Erroll

Erroll

by Hannah Shaw
     
 

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When something supremely silly is needed for storytime: choose Erroll. Or as Erroll himself might say: “Pick me! Pick me! Pick me!” And then he’d turn a somersault, swing from the drapes, and get peanut butter all over everything.

For kids who like high-energy shenanigans, and for grown-ups who’d like to almost prove the point that a

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Overview

When something supremely silly is needed for storytime: choose Erroll. Or as Erroll himself might say: “Pick me! Pick me! Pick me!” And then he’d turn a somersault, swing from the drapes, and get peanut butter all over everything.

For kids who like high-energy shenanigans, and for grown-ups who’d like to almost prove the point that a neat-and-tidy suburban home may not be the best place for a very wild critter, this fun and funny story of a boy who finds a talking squirrel in his snack package will be just the ticket.

Editorial Reviews

Publishers Weekly
04/27/2015
Loopy illustrations and emphatic typography amplify the nuttiness of Shaw's (Sneaky Weasel) scattered story of a boy and a talking squirrel he finds in a snack pack of Nutti Nutts. Wide-eyed Bob "could only imagine how Errol had gotten inside the package of nuts in the first place." And he does just that in a Rube Goldsbergesque visual sequence that transports the squirrel from forest to grocery store (with plenty of tubes, gears, and conveyer belts in between). The frisky, peanut butter sandwich–loving critter creates mayhem in Bob's house—swinging from an overhead light, chomping on a table, and decorating a wall with footprints—as the boy's oblivious mother works in the garden. When she finally spies Erroll's handiwork, she announces that he must go back home, and mother and son return Erroll to the woods. Kids will enjoy the pandemonium, which Shaw's cartoons play up at every opportunity. But similarly to how squirrels leap from branch to branch and race around tree trunks for reasons opaque to human observers, the story jumps from scene to scene with little holding it all together. Ages 5-8. (Feb.)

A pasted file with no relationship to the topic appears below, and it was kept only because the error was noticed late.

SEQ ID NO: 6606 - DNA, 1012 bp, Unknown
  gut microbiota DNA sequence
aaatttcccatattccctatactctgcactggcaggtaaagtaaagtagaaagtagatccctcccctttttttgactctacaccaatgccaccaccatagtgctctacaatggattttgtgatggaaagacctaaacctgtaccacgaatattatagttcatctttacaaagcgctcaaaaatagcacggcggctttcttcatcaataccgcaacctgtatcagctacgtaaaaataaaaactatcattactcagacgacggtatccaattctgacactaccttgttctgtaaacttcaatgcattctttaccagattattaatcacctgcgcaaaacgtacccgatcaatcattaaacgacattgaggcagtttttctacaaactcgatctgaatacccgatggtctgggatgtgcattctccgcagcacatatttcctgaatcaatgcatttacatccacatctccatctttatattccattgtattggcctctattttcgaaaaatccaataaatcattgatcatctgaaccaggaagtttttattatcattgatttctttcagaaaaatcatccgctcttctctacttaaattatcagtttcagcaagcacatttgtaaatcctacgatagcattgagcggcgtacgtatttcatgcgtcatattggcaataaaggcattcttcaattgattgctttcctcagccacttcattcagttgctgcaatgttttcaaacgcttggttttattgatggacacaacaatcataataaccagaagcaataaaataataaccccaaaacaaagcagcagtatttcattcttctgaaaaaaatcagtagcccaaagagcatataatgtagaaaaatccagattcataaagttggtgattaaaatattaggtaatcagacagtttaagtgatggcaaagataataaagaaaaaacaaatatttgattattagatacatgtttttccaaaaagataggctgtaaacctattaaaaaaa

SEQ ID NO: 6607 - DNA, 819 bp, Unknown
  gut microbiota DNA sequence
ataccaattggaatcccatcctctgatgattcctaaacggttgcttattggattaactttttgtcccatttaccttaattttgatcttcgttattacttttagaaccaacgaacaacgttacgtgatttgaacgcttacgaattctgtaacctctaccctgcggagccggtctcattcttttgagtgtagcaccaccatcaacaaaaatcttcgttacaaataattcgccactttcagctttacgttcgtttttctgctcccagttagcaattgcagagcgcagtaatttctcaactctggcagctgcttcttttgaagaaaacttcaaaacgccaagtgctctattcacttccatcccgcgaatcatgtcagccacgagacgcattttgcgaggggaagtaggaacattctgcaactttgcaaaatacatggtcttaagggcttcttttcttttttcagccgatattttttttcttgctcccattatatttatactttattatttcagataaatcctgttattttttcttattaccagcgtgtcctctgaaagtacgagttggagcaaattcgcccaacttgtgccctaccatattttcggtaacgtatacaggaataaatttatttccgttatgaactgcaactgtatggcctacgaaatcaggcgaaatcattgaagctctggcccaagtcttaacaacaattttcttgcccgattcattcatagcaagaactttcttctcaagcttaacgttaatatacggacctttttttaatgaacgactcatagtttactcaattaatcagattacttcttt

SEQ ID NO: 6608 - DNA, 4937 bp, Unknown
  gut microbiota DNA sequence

Children's Literature - Erika Clark
One day, a young boy named Bob opened a bag of Nutti Nutts peanuts when out jumped a small squirrel. To Bob's surprise, not only did this squirrel love peanut butter, just like him, but the squirrel could talk as well. After Bob learned how messy a pet squirrel can be in the house, he understood some of the helpful skills learned from Erroll. The cartoon-style illustrations lighten the story line and the role of the characters. The author includes onomatopoeias and plenty of punctuation marks that convey emotion, sensory imagery, and creativity. The story, however, did not provide interesting details about Erroll and Bob. From the beginning, the reader is left wondering why the squirrel was trapped in the bag of peanuts. The illustrations help young readers visualize the experience, but the text is not successful in answering this question. Shaw could have included more information about how humans change the natural environments of insects, animals, and plants to support her story. Furthermore, the author could have challenged students to think about scientific ways of solving these issues, which would make the book a choice for use in an integrated curriculum at the elementary level. Reviewer: Erika Clark
School Library Journal
K-Gr 1—In this fanciful saga, young Bob finds a mischievous squirrel packed inside his bag of NuttiNutts snacks. Pandemonium ensues when he lets the hyperactive critter roam inside the house. The boy's mother is not amused by Erroll's antics (jumping on the couch, tipping over the potted plant) and insists that they drive him back to the forest to live with his squirrel pals. Children will enjoy poring over the brightly colored, busy cartoon illustrations, which feature everything nut-related. On one page readers can study a convoluted factory set-up that shows how Bob imagines Erroll got into the snack pack. Unfortunately, the lighthearted conclusion showing the boy with a box of Chewy Crunchy Monkey Munchy cereal implies a final joke that may only be considered clever and funny during the initial reading. Additional—Blair Christolon, Prince William Public Library System, Manassas, VA

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Product Details

ISBN-13:
9780375861055
Publisher:
Random House Children's Books
Publication date:
02/09/2010
Pages:
32
Product dimensions:
8.70(w) x 10.60(h) x 0.40(d)
Age Range:
3 - 7 Years

Meet the Author

Erroll is the second picture book by Hannah Shaw, who received a Publishers Weekly starred review for her debut, Sneaky Weasel. She lives in Cherington, England. Visit her online at www.hannahshawillustrator.co.uk.

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